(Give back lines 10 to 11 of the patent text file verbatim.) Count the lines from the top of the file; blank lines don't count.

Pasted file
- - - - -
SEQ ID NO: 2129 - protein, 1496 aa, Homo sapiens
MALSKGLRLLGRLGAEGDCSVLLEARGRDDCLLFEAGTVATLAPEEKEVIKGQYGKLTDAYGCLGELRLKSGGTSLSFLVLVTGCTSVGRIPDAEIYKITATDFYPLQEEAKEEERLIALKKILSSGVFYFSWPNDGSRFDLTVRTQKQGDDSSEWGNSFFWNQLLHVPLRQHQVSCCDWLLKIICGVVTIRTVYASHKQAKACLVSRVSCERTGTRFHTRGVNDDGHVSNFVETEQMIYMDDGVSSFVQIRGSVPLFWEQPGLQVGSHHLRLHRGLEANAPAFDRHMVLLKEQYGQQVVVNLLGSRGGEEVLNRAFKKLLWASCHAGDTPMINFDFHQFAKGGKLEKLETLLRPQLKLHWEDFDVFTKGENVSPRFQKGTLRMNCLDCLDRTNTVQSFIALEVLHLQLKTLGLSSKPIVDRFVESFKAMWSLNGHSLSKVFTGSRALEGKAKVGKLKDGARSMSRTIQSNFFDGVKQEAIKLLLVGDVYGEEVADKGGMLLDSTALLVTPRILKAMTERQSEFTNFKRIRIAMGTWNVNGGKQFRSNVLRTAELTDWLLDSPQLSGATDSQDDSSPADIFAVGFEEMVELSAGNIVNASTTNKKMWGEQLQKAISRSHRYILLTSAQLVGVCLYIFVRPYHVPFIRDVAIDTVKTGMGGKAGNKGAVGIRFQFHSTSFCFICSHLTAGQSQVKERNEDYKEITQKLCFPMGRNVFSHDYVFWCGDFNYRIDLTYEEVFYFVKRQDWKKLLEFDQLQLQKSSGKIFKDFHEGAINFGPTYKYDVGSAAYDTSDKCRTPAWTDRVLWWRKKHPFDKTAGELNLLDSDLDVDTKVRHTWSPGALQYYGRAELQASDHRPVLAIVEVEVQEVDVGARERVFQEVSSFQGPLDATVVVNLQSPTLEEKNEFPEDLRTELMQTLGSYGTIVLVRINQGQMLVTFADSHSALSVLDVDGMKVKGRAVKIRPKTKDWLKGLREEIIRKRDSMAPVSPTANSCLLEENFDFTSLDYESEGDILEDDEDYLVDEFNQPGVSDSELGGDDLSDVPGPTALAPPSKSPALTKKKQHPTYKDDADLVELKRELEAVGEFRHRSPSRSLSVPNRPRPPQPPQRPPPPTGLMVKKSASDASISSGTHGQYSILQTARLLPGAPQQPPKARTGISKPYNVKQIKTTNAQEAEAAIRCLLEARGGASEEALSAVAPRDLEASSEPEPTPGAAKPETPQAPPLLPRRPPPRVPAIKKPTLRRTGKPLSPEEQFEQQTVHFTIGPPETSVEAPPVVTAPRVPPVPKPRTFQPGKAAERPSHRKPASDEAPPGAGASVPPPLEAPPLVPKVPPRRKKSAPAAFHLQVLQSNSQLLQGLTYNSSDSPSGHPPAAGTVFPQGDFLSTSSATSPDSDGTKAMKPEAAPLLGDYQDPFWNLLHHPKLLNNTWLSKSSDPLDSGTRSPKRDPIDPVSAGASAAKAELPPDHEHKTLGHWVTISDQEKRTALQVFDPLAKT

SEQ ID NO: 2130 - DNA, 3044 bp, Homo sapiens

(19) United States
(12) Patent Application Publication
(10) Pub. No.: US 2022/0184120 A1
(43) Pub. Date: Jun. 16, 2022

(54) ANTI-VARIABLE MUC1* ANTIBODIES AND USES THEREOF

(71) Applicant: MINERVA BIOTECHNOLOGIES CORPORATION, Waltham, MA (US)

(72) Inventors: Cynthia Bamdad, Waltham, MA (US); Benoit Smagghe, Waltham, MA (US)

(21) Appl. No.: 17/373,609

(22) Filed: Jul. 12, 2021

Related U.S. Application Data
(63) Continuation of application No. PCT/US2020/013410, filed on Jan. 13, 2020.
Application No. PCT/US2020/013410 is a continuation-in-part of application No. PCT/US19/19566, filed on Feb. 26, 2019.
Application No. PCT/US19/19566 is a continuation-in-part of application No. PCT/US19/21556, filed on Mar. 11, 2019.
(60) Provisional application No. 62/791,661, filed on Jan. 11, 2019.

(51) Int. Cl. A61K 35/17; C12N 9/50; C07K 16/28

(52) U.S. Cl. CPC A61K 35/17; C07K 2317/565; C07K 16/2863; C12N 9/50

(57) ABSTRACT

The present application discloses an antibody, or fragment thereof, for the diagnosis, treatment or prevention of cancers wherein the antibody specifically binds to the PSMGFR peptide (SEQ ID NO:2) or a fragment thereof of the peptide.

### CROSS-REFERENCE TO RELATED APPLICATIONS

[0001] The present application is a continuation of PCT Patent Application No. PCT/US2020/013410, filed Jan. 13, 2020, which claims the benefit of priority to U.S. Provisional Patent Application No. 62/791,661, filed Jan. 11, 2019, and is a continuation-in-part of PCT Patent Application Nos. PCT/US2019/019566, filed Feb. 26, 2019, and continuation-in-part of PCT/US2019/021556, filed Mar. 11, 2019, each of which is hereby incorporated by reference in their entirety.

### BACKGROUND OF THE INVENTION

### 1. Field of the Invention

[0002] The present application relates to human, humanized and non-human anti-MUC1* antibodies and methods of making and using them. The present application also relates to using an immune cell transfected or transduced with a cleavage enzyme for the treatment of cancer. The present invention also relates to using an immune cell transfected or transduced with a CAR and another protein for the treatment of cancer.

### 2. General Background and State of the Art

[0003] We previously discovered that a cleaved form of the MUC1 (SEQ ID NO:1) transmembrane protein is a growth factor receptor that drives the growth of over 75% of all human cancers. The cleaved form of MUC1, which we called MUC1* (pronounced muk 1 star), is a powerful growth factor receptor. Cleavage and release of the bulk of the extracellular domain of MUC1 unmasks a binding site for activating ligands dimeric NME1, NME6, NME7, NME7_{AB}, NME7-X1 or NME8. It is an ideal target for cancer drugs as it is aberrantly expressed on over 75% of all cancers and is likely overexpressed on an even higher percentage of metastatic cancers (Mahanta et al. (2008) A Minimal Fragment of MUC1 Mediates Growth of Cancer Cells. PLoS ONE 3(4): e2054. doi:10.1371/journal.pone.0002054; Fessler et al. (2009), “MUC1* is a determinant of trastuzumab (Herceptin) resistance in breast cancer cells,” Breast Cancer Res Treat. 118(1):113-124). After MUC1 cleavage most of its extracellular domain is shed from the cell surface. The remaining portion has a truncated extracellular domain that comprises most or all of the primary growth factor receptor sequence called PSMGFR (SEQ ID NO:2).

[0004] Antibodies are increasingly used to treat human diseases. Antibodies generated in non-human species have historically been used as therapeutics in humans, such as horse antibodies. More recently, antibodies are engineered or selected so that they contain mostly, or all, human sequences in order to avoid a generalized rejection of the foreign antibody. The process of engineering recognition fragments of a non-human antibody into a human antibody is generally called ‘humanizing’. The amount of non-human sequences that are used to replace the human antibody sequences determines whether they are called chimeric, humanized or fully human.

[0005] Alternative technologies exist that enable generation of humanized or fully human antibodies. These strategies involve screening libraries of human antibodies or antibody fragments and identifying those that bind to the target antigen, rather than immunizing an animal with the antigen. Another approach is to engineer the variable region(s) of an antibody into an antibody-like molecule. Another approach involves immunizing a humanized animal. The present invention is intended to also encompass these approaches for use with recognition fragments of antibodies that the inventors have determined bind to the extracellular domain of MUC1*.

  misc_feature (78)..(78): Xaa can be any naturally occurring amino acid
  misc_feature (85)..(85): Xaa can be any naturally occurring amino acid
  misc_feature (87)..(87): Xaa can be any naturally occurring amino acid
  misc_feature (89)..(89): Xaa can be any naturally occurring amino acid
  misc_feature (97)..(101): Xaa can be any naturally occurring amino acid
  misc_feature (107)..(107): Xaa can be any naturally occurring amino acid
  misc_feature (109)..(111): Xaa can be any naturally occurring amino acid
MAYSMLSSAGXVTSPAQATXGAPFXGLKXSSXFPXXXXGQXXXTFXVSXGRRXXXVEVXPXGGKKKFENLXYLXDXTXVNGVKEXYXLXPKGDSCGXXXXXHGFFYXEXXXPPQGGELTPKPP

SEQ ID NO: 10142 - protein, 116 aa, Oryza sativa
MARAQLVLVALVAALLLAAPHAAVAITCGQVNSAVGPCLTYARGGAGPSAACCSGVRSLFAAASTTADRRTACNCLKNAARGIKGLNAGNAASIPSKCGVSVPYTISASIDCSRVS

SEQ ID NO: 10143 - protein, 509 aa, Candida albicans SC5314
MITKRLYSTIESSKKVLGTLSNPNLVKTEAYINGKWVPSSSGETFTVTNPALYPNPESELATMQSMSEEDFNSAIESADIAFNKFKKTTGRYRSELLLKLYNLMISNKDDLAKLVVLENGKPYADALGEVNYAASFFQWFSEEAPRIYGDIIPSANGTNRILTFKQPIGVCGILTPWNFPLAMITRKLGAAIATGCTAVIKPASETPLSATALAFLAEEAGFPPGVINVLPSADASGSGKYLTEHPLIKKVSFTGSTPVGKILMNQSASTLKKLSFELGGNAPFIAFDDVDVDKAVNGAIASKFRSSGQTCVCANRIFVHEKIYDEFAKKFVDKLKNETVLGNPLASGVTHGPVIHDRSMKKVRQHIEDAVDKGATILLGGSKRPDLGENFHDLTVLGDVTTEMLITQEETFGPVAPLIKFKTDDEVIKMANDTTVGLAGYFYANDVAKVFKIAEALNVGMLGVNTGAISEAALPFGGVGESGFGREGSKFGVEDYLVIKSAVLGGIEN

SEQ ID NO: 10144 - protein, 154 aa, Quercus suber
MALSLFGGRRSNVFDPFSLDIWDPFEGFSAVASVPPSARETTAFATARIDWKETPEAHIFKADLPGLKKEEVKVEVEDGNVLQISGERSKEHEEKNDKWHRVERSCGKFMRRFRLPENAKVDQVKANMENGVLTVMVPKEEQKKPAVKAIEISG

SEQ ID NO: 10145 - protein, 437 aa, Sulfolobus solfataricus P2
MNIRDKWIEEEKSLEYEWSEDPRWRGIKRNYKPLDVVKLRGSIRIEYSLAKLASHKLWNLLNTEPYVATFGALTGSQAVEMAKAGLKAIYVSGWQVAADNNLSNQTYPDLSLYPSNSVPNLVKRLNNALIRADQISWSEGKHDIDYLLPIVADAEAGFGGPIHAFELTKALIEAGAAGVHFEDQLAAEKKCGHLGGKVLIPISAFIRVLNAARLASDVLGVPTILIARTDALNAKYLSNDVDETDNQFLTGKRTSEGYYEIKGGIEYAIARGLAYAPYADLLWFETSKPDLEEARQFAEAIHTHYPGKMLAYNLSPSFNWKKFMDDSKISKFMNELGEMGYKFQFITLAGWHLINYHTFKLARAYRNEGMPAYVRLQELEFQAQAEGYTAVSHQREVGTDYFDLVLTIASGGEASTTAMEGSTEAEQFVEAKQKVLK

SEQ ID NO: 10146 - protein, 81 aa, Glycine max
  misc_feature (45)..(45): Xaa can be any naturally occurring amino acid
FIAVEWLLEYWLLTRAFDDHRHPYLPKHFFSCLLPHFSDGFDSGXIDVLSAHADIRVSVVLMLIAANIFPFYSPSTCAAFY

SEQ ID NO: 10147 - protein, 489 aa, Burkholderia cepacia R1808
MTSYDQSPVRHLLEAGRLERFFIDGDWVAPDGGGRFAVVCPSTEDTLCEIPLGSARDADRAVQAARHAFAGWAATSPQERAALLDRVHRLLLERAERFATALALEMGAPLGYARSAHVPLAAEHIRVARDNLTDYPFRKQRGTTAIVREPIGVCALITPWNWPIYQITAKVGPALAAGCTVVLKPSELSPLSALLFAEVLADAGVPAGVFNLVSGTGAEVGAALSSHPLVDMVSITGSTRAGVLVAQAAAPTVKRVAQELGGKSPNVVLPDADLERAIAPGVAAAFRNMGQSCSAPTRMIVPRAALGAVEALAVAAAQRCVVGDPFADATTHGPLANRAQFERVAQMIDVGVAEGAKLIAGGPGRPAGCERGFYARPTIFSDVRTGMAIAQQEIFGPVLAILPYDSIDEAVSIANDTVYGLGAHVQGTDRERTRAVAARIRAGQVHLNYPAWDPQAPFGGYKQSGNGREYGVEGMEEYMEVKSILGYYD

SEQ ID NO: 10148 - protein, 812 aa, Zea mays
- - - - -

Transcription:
(72) Inventors: Cynthia Bamdad, Waltham, MA (US); Benoit Smagghe, Waltham, MA (US)

(21) Appl. No.: 17/373,609